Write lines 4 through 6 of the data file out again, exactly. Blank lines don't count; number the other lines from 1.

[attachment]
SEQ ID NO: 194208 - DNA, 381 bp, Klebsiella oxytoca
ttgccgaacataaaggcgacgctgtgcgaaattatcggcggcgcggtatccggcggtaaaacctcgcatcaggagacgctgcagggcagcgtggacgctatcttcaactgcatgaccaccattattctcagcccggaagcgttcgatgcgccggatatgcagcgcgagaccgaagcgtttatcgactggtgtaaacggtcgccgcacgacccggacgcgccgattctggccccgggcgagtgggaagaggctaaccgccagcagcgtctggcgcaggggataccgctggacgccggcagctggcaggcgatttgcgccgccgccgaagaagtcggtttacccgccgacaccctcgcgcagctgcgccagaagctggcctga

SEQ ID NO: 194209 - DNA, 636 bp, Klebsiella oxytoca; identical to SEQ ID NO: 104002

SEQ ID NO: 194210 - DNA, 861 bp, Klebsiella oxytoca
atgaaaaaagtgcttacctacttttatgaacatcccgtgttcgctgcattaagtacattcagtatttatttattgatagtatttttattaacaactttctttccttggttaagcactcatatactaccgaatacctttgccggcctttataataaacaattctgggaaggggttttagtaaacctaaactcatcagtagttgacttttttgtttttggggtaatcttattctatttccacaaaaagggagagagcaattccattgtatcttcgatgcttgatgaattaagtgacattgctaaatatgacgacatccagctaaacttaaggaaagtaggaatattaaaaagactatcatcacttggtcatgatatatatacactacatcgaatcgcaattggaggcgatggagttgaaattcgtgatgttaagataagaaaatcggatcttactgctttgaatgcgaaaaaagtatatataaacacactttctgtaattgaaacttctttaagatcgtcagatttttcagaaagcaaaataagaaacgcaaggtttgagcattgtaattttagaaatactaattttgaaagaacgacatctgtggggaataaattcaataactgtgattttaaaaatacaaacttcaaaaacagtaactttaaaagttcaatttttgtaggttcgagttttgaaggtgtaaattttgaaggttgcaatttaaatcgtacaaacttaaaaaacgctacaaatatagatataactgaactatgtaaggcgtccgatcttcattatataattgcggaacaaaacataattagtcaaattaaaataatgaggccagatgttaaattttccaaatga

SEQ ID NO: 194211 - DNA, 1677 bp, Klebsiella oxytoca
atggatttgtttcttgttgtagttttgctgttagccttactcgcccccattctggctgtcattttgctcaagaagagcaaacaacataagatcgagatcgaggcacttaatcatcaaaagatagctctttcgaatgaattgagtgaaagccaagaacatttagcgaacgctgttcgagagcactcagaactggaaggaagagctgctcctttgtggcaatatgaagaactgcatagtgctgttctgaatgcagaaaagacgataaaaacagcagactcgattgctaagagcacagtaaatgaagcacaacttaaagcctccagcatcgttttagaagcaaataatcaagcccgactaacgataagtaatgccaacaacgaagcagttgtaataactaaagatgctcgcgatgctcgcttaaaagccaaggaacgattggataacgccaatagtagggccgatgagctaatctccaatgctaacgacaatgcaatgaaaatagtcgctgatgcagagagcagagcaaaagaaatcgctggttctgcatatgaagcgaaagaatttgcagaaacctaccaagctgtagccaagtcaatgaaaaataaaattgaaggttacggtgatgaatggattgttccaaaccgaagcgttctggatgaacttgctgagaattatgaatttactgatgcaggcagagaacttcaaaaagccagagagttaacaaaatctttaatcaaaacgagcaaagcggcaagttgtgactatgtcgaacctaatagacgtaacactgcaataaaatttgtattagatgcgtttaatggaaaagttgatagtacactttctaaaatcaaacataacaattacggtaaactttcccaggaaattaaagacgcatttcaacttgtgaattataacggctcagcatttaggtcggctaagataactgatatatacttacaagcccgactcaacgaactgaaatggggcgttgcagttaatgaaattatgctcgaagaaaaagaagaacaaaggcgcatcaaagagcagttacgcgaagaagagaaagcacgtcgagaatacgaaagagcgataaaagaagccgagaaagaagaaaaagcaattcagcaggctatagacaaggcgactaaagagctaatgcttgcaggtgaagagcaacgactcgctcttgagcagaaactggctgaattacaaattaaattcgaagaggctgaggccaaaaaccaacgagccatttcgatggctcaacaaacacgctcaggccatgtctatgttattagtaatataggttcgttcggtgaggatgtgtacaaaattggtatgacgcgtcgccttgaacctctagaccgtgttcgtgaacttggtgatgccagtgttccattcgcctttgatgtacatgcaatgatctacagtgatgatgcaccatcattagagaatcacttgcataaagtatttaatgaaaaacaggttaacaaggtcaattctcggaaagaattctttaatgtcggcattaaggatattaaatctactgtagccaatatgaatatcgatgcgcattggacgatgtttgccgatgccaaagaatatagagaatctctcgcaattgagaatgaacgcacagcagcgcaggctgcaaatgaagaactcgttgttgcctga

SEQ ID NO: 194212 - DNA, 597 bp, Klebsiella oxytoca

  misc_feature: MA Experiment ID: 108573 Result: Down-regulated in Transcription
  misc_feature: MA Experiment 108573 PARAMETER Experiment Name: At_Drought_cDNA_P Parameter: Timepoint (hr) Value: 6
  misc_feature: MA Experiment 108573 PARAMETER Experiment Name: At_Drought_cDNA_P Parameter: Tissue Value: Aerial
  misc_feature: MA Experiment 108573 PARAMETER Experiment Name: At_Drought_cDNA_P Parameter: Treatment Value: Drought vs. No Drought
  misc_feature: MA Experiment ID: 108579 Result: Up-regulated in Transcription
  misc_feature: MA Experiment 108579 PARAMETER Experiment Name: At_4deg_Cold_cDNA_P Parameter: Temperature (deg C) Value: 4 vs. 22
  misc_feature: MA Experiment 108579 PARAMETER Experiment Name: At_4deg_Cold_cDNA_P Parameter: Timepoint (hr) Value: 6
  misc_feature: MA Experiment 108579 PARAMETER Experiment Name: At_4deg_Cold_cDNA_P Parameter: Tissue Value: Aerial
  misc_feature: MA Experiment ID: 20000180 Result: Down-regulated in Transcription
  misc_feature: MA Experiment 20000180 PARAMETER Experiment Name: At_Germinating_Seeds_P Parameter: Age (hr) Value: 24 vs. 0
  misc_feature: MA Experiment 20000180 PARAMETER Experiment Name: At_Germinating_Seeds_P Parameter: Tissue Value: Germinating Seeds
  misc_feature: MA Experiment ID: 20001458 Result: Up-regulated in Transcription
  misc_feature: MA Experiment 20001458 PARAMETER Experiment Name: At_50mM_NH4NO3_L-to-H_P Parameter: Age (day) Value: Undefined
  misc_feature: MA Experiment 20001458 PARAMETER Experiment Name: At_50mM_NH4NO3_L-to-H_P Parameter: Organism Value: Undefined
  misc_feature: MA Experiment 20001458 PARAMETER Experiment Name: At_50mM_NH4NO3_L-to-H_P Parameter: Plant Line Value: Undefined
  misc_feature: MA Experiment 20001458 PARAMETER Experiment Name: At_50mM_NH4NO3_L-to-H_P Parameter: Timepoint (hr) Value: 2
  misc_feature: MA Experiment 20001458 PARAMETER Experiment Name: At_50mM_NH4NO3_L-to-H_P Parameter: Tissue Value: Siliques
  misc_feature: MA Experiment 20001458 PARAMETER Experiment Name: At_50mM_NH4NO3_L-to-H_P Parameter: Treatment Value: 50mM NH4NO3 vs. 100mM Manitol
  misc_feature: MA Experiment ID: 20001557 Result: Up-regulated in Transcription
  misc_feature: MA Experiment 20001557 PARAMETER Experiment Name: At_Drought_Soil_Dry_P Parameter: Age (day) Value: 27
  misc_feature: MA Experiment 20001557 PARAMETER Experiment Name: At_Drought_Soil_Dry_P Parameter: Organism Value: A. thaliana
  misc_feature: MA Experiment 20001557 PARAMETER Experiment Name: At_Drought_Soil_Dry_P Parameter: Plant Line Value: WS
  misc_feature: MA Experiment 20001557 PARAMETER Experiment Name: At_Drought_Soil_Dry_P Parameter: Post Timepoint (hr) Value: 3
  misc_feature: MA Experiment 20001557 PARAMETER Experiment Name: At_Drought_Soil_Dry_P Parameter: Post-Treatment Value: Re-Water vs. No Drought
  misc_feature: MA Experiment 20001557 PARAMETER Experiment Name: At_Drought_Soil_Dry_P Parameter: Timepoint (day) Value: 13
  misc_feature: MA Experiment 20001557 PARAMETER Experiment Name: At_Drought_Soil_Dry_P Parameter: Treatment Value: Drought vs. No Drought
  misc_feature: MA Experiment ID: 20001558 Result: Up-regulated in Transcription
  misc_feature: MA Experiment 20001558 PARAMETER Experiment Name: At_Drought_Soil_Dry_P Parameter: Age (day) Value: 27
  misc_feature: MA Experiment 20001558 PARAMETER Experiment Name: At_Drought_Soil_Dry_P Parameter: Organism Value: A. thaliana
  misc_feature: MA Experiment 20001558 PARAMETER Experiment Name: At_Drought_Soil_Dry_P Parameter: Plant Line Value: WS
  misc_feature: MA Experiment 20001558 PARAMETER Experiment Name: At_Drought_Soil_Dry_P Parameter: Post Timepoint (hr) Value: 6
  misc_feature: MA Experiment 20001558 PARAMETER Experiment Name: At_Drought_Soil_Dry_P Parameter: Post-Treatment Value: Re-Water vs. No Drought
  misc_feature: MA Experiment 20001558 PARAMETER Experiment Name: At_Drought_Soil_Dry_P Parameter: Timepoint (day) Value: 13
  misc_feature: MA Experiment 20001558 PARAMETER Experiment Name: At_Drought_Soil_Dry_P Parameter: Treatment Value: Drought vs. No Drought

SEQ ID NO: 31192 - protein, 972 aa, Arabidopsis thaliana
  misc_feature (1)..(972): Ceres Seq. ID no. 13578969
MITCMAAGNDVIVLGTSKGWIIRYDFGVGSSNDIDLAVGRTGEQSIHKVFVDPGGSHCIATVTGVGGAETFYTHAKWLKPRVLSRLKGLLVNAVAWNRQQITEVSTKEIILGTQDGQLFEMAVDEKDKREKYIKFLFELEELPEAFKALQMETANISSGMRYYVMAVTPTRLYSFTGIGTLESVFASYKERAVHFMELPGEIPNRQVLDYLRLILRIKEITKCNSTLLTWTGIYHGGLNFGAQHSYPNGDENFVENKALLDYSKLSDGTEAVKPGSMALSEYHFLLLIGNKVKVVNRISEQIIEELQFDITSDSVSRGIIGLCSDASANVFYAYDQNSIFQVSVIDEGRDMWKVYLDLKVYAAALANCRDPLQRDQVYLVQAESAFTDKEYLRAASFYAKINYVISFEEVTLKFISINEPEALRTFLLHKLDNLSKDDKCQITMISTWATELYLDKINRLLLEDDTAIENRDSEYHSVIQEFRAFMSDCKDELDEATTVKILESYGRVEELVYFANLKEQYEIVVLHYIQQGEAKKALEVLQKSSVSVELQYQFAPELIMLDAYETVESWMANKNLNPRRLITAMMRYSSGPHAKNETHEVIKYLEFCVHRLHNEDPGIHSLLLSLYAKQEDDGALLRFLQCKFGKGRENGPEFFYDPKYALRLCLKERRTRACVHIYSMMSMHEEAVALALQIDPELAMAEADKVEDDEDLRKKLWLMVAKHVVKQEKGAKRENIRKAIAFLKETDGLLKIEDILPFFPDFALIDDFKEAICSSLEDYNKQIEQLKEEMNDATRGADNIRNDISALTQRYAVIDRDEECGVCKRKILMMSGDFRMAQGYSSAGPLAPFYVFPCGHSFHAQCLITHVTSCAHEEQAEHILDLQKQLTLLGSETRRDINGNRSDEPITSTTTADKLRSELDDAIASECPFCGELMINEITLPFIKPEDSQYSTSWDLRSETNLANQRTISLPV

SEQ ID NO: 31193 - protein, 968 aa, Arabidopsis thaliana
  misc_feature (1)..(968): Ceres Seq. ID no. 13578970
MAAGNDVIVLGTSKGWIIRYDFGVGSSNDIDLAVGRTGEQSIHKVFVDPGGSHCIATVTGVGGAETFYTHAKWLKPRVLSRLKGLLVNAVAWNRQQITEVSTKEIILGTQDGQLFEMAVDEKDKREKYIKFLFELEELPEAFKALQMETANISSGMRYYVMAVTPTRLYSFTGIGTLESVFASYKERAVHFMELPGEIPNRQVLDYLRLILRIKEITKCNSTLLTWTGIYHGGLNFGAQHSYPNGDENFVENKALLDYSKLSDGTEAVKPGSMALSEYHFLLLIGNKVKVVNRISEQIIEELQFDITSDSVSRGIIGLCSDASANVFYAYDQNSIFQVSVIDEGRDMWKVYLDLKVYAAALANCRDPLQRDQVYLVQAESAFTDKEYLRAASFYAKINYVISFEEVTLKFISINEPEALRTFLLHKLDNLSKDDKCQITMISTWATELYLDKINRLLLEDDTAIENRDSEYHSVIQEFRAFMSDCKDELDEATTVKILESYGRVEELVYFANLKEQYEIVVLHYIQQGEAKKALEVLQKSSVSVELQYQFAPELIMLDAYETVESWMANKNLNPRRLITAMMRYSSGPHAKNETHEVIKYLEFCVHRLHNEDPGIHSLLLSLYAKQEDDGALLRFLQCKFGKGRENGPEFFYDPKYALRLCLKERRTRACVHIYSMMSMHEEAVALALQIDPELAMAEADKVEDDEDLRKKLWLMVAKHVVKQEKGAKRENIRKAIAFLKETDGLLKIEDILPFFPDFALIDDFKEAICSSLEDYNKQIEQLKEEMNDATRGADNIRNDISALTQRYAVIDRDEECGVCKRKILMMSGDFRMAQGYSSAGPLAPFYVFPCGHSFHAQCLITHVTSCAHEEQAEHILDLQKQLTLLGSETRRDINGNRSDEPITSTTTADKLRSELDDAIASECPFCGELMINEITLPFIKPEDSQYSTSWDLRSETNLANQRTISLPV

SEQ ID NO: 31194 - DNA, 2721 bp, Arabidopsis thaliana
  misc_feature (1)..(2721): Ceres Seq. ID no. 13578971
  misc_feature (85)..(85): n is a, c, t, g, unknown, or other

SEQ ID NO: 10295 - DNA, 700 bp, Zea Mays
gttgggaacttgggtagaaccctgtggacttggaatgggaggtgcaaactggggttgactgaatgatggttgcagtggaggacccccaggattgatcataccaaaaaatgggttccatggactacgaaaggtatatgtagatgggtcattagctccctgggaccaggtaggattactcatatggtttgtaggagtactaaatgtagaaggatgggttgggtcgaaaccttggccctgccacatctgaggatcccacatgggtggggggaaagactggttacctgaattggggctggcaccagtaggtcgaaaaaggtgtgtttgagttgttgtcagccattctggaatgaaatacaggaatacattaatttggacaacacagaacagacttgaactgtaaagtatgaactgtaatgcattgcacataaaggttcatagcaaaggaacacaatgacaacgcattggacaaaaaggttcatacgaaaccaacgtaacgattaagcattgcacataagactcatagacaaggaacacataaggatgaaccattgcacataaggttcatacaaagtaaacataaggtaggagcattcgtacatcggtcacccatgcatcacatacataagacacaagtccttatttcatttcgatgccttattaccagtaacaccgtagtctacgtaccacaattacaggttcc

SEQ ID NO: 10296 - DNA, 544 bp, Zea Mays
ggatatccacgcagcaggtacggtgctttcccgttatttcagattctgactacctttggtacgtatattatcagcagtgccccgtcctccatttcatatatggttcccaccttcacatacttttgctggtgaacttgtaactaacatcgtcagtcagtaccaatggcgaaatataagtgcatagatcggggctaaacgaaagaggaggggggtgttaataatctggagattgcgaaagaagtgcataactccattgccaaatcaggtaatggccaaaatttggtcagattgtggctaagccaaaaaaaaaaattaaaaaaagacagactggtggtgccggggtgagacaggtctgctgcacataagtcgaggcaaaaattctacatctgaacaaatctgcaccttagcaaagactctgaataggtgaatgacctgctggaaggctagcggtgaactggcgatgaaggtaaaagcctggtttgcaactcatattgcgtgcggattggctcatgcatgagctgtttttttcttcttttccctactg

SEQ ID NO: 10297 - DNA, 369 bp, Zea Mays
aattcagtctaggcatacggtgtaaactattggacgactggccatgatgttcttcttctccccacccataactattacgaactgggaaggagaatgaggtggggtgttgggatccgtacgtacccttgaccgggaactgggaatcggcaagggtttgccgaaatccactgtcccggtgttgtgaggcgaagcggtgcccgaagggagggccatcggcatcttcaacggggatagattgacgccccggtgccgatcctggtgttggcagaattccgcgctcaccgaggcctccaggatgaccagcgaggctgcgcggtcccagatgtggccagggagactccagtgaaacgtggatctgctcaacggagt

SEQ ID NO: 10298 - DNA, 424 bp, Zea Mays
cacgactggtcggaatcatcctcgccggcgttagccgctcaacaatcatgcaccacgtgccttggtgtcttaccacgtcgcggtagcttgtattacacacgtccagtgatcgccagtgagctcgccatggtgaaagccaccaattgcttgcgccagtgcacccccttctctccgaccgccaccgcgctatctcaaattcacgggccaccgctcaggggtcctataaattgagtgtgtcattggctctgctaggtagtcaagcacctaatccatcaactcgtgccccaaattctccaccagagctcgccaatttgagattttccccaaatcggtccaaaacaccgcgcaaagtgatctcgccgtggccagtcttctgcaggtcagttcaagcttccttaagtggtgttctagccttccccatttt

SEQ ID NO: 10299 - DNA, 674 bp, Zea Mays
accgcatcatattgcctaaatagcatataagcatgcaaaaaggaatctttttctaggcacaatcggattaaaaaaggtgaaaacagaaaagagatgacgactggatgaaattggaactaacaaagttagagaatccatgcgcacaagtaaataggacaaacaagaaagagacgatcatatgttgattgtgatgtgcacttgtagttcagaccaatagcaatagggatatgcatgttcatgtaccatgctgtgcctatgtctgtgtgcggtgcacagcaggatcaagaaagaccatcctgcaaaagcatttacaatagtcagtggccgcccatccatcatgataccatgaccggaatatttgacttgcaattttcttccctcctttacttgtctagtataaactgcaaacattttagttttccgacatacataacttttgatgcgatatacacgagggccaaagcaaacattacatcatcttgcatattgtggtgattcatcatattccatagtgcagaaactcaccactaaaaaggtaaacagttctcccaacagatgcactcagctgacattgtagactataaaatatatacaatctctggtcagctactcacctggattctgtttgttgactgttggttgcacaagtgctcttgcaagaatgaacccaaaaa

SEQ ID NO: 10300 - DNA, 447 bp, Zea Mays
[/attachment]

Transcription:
SEQ ID NO: 194210 - DNA, 861 bp, Klebsiella oxytoca
atgaaaaaagtgcttacctacttttatgaacatcccgtgttcgctgcattaagtacattcagtatttatttattgatagtatttttattaacaactttctttccttggttaagcactcatatactaccgaatacctttgccggcctttataataaacaattctgggaaggggttttagtaaacctaaactcatcagtagttgacttttttgtttttggggtaatcttattctatttccacaaaaagggagagagcaattccattgtatcttcgatgcttgatgaattaagtgacattgctaaatatgacgacatccagctaaacttaaggaaagtaggaatattaaaaagactatcatcacttggtcatgatatatatacactacatcgaatcgcaattggaggcgatggagttgaaattcgtgatgttaagataagaaaatcggatcttactgctttgaatgcgaaaaaagtatatataaacacactttctgtaattgaaacttctttaagatcgtcagatttttcagaaagcaaaataagaaacgcaaggtttgagcattgtaattttagaaatactaattttgaaagaacgacatctgtggggaataaattcaataactgtgattttaaaaatacaaacttcaaaaacagtaactttaaaagttcaatttttgtaggttcgagttttgaaggtgtaaattttgaaggttgcaatttaaatcgtacaaacttaaaaaacgctacaaatatagatataactgaactatgtaaggcgtccgatcttcattatataattgcggaacaaaacataattagtcaaattaaaataatgaggccagatgttaaattttccaaatga

SEQ ID NO: 194211 - DNA, 1677 bp, Klebsiella oxytoca